Now to -- in terms of the outlook on the risk, it's a bit too early to really start talking about releases. I think just saying that we are adequately provisioned is probably the best reflective of the reality. What I could say is that there's a detailed work. So there are some portfolios that you could cover one by one like corporate, for example, and we have done that job, and it looks pretty strong in terms of the credit quality. There is about 3 quarters of SMEs that we thought we should review, et cetera, and that work has been done as well. Our solo and mass retail, et cetera, some of that does need much more work to be done, which we will finish in the third quarter and we will have better idea. But so far, what we are seeing is that the loan book is pretty strong. A lot will still depend on the overall economic activity. So far, we are positively surprised, let's say, in terms of the number of people getting salaries almost back to pre-COVID levels, only a few percentage points lower. In terms of the total number of people getting salaries, the data that we get from the Ministry of Finance but also what we are seeing within the bank because we are a big chunk of the overall system. So that and overall other activity gives us a relatively positive outlook, although I would not rush in terms of releasing the reserves and so forth.

Now regarding sound in noncredit charges, other charges that you saw in the provision, they are -- some of which is more recurring, others are not. There are provisions on not received rents on some of the assets that we have taken from the borrowers, they have the option to buy it back, but since they have not paid the interest or has been fully provisioned. Having said that, the buyback option is at a much lower price. So it's too much detail. But whenever they buy back, they have to pay the rents. So unless they do that, otherwise, we'll get the asset appreciation. So we believe that it's actually not -- it's provisioned here, but we're not going to lose that money. There are some other cases where there's some legal costs associated with some of the provisioning in corporate portfolio that's partly put there as well. So mostly, it's that. So actually, every quarter, we have some credit and some noncredit provisioning that goes in that line, GEL 18 million, maybe on the high side. But other times, you could be looking at half of that or so in terms of recurring nature. But it's in the past as well, so it's not actually extraordinary one way or the other. Did I answer all your questions, Andrew?

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Andrew Keeley, Sberbank CIB Investment Research - Head of Financial Institutions Research & Senior Analyst [7]

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Yes. Yes. That's very thorough. I have another question on your cost growth. So you basically said you're targeting flattish costs this year even after 11% cost growth in the first half of the year. And I'm just wondering, to what extent this means that you're going to be putting the break on kind of quite heavily in terms of your kind of digital and IT spending plans and the extent to which that's going to kind of hinder the further kind of digital digitalization of the business? Or will those costs basically be kind of rolled over to 2021?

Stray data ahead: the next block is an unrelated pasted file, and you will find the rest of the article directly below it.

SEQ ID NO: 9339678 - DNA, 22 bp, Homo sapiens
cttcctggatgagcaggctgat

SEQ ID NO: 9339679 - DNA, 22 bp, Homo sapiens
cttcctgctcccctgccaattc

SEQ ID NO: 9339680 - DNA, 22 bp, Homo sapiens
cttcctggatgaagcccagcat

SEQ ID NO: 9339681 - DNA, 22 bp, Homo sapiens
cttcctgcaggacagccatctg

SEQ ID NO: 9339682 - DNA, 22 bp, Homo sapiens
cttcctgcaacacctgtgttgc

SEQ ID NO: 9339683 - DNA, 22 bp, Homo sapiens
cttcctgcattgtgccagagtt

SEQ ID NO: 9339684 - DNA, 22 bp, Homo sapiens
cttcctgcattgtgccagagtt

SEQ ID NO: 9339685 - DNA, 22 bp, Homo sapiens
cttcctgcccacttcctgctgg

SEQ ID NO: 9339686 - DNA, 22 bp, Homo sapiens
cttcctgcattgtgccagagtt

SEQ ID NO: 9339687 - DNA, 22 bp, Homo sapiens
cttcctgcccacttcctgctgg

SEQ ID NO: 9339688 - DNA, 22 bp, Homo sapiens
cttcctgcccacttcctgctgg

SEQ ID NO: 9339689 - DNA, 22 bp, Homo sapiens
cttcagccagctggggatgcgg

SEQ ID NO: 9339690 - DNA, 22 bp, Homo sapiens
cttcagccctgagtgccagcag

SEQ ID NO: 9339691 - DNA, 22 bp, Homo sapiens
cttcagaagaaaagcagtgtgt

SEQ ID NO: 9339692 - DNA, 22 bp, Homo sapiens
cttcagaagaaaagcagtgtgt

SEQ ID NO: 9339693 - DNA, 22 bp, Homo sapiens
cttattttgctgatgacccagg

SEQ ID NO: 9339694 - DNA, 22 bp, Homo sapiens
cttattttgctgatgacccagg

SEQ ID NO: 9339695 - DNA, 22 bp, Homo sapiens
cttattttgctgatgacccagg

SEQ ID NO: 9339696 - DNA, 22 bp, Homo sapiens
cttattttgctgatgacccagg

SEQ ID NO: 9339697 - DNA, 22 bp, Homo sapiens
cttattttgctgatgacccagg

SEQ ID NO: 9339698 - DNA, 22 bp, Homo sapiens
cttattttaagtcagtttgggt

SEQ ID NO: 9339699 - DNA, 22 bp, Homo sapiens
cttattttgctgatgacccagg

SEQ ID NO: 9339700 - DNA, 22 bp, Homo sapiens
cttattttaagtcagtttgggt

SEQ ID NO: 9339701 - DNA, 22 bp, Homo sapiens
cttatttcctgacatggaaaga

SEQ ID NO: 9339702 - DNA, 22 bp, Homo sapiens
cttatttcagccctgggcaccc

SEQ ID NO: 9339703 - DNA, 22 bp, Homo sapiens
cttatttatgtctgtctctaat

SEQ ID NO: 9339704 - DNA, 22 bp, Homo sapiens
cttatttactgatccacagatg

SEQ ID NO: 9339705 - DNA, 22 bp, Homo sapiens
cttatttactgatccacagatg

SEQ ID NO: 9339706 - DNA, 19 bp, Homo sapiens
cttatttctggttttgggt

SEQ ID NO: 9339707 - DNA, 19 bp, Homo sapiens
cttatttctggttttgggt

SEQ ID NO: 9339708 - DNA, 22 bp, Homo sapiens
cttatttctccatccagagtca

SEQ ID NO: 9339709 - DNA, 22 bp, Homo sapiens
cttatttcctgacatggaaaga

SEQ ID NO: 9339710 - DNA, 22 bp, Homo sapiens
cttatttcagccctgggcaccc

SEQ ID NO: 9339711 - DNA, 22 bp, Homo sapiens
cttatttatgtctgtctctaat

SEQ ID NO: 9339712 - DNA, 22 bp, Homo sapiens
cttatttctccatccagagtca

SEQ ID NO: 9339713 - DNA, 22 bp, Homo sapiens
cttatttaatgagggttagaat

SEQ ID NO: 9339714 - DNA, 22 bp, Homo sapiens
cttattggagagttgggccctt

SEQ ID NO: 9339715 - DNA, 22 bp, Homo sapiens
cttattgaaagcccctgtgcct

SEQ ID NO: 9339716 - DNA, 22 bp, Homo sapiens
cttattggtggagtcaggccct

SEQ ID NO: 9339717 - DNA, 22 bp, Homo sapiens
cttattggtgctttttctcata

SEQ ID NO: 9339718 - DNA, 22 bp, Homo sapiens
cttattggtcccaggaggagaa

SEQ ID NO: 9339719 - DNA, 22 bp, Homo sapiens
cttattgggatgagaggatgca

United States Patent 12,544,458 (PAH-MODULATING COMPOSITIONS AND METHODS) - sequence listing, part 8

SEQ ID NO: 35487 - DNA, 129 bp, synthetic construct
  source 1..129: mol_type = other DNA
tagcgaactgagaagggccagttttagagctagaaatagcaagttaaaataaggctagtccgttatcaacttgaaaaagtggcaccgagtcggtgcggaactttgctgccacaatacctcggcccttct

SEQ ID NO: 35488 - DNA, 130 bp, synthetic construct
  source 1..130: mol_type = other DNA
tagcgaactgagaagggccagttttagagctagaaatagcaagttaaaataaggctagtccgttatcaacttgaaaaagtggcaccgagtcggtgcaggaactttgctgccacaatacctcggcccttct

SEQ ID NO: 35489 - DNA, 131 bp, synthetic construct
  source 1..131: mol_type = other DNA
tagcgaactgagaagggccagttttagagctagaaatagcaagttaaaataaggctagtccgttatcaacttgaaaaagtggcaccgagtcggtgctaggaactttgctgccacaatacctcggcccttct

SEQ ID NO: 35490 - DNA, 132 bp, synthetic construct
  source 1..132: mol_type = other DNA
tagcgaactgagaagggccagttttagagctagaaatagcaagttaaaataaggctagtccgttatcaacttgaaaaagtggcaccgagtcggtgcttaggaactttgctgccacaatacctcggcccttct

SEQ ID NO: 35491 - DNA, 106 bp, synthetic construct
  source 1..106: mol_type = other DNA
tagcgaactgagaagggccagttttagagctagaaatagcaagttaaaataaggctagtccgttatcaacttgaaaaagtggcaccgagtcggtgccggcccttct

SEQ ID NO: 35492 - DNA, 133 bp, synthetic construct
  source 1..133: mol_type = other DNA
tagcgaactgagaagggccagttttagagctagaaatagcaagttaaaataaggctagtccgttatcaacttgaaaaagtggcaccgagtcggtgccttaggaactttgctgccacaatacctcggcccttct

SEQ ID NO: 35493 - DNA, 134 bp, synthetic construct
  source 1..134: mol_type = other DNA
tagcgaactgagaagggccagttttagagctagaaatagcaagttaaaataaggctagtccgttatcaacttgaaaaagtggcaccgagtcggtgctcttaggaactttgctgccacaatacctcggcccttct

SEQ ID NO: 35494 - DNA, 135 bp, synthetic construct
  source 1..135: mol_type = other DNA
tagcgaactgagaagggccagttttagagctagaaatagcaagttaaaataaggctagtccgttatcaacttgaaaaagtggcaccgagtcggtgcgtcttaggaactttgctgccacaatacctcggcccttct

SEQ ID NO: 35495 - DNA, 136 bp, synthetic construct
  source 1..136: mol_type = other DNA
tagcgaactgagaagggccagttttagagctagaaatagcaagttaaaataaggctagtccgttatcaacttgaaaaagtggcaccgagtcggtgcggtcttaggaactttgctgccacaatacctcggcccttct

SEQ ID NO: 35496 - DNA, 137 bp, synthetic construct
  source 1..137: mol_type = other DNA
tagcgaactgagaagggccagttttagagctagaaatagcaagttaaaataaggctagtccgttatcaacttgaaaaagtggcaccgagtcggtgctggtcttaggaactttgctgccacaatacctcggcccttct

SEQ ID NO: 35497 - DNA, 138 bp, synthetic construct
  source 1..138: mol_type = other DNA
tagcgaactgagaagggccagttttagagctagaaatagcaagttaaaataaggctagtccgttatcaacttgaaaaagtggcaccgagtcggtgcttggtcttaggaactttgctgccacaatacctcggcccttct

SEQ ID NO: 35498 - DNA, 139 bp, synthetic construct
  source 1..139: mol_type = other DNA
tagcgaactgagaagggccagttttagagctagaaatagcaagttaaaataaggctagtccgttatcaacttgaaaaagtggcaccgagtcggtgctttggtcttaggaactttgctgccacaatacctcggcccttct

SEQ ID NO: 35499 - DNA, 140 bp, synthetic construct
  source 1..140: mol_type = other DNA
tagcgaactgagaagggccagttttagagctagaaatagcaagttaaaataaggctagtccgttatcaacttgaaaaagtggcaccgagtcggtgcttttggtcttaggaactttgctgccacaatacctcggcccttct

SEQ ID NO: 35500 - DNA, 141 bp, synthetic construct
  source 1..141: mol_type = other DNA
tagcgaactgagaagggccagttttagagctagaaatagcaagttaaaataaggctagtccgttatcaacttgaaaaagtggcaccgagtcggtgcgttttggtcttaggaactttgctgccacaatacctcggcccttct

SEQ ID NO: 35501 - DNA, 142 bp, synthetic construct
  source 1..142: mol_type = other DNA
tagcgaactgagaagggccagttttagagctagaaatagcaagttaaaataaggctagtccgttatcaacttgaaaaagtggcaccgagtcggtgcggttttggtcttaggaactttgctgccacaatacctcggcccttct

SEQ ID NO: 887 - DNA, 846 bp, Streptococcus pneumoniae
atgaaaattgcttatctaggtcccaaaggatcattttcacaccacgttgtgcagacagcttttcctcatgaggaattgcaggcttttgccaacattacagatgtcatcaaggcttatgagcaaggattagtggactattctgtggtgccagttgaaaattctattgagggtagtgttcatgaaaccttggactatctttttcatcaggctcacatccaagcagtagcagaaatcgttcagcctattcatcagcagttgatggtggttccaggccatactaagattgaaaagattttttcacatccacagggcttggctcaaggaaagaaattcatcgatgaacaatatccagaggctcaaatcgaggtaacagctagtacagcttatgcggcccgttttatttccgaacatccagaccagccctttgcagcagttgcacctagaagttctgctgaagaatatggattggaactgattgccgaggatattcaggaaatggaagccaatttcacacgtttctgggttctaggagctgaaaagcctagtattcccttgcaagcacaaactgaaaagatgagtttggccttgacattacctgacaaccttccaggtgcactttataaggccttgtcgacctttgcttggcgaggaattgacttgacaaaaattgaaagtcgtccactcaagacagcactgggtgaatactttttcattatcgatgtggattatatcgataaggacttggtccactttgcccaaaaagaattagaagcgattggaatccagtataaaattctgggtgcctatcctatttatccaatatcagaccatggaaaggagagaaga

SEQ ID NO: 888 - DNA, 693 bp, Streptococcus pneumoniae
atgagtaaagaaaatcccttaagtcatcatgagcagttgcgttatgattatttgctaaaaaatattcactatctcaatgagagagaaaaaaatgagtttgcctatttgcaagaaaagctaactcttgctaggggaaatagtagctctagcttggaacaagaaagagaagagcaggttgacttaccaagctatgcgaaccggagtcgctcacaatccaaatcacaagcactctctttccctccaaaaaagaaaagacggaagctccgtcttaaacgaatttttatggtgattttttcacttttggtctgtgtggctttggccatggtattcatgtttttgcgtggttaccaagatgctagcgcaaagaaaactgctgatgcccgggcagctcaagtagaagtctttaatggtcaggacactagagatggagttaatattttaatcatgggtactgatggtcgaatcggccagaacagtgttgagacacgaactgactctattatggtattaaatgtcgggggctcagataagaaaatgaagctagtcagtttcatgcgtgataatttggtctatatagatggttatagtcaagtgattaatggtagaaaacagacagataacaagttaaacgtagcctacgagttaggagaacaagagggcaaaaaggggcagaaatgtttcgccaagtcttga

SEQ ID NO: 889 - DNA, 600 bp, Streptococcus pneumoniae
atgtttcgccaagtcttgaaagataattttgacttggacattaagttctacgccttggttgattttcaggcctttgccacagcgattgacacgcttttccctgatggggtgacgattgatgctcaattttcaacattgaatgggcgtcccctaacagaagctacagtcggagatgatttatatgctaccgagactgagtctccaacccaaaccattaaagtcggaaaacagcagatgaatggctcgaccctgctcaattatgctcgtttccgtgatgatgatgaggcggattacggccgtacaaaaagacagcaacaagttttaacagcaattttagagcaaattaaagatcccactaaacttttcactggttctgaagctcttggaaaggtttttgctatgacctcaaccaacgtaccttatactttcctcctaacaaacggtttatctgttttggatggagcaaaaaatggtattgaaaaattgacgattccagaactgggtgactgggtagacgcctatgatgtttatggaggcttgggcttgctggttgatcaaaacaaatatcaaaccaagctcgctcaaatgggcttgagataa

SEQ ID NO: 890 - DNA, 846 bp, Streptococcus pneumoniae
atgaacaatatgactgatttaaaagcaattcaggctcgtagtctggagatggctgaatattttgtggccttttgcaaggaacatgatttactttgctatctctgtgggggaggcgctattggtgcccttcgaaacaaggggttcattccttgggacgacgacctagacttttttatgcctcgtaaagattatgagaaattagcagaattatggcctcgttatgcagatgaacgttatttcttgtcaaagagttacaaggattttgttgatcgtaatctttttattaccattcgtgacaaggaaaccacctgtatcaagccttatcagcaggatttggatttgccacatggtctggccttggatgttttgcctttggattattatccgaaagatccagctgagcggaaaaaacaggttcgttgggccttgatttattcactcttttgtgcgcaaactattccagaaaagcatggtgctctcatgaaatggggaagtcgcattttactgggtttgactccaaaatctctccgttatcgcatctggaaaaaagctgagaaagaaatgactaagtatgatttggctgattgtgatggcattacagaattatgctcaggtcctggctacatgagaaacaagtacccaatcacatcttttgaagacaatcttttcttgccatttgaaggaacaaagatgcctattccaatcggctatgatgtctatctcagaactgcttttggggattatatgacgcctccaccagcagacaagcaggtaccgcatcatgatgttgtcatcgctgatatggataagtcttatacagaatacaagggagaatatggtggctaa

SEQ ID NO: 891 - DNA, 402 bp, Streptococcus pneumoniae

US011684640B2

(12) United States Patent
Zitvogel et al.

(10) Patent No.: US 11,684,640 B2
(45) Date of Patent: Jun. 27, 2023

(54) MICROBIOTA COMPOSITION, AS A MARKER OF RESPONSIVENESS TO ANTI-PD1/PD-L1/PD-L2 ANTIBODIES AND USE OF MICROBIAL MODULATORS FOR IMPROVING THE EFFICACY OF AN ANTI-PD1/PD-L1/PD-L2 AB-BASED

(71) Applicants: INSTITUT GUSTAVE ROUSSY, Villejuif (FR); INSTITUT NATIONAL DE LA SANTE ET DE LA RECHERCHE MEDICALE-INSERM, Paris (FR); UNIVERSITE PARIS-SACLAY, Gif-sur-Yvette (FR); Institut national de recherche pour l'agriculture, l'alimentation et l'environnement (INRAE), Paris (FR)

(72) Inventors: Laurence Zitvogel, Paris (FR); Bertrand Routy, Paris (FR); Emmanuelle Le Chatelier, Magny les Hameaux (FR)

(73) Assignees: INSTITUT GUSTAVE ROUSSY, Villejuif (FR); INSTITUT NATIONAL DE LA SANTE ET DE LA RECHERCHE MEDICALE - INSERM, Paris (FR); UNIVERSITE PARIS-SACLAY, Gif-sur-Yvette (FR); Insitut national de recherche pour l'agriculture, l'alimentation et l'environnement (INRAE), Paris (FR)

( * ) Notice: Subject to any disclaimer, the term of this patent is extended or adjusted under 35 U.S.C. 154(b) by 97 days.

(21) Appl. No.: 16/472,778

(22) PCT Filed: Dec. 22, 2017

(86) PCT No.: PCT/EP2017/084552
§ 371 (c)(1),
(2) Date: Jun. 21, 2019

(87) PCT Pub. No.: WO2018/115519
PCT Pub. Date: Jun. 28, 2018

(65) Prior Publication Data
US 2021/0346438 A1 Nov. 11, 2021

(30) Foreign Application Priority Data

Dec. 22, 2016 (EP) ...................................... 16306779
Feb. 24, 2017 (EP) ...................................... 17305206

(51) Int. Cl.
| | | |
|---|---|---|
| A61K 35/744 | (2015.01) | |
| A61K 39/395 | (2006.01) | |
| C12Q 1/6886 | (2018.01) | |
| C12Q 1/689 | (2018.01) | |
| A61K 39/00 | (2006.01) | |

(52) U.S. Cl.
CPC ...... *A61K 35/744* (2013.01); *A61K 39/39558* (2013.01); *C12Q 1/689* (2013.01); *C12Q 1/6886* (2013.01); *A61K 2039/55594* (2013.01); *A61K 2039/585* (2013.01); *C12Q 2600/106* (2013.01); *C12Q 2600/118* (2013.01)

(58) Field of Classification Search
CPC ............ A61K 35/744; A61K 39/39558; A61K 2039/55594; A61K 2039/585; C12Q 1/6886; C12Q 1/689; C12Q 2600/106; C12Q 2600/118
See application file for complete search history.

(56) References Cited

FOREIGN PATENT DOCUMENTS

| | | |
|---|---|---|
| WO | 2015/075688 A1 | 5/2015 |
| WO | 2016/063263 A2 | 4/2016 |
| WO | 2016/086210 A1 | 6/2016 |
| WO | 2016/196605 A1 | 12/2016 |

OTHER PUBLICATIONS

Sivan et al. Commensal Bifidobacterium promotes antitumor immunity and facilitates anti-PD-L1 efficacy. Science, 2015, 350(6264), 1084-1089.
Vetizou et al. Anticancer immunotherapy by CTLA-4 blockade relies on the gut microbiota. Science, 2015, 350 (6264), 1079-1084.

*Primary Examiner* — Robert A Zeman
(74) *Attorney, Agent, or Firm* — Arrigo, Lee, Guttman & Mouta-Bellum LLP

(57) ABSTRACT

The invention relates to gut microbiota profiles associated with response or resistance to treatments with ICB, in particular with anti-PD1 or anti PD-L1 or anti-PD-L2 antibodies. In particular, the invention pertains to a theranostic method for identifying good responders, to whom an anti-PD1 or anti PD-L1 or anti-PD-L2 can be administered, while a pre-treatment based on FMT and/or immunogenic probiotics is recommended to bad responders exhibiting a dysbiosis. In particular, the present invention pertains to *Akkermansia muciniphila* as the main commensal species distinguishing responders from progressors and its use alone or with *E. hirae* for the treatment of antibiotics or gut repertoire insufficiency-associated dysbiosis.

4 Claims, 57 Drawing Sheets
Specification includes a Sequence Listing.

And then maybe I can just ask my last question. In terms of your dividend, do you have any comments -- you're back up to kind of close to 10% core Tier 1 now, and that should keep on improving as your profitability kind of recovers. Do you have any kind of comments or thoughts on where you see a kind of minimum core Tier 1 in terms of the ability to start paying dividends again.

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Archil Gachechiladze, Bank of Georgia Group PLC - CEO & Director [8]

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So I will -- so we'll start with the dividend one. So we are currently using the released buffers that the National Bank released as part of this entering into the pandemic and asking us to provide GEL 400 million in terms of the NBG provisioning and so forth. We are almost 10% at core Tier 1, and I agree that is a very strong performance. The pre-provision core Tier 1 requirement was 10.45% if I remember right. So we have to stop using those buffers and build up a certain buffer to start discussing the dividend. So that's -- you can quickly run the numbers, but we are generating strong amount of capital. A lot also depends on Lari performance as well as growth.

So I would not hold my breath for the dividend this year, obviously. But I see us coming back to those discussions very soon next year, probably. But a lot -- there's a lot of uncertainties out there, but if all goes like it's going right now, we see rebuilding our capital above the pre-COVID minimum requirements by the MBG and then having those discussions, but right now I would not rush too much. Although I see that some of the regional banks have been able to have strong dividends, I think there, the provisioning is not at the same level. I think the approach that the National Bank has taken asking the sector to fully provide for the expected cycle is rather -- is different from some of the other countries. But at the same time, it's more conservative. So that means that we are -- we'll provide is for the full cycle where others may not be. What was the first question, Andrew, sorry?

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Andrew Keeley, Sberbank CIB Investment Research - Head of Financial Institutions Research & Senior Analyst [9]

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Okay. It was on cost, basically. Yes, just

doesn't mean that you're kind of really putting the break on that. Yes.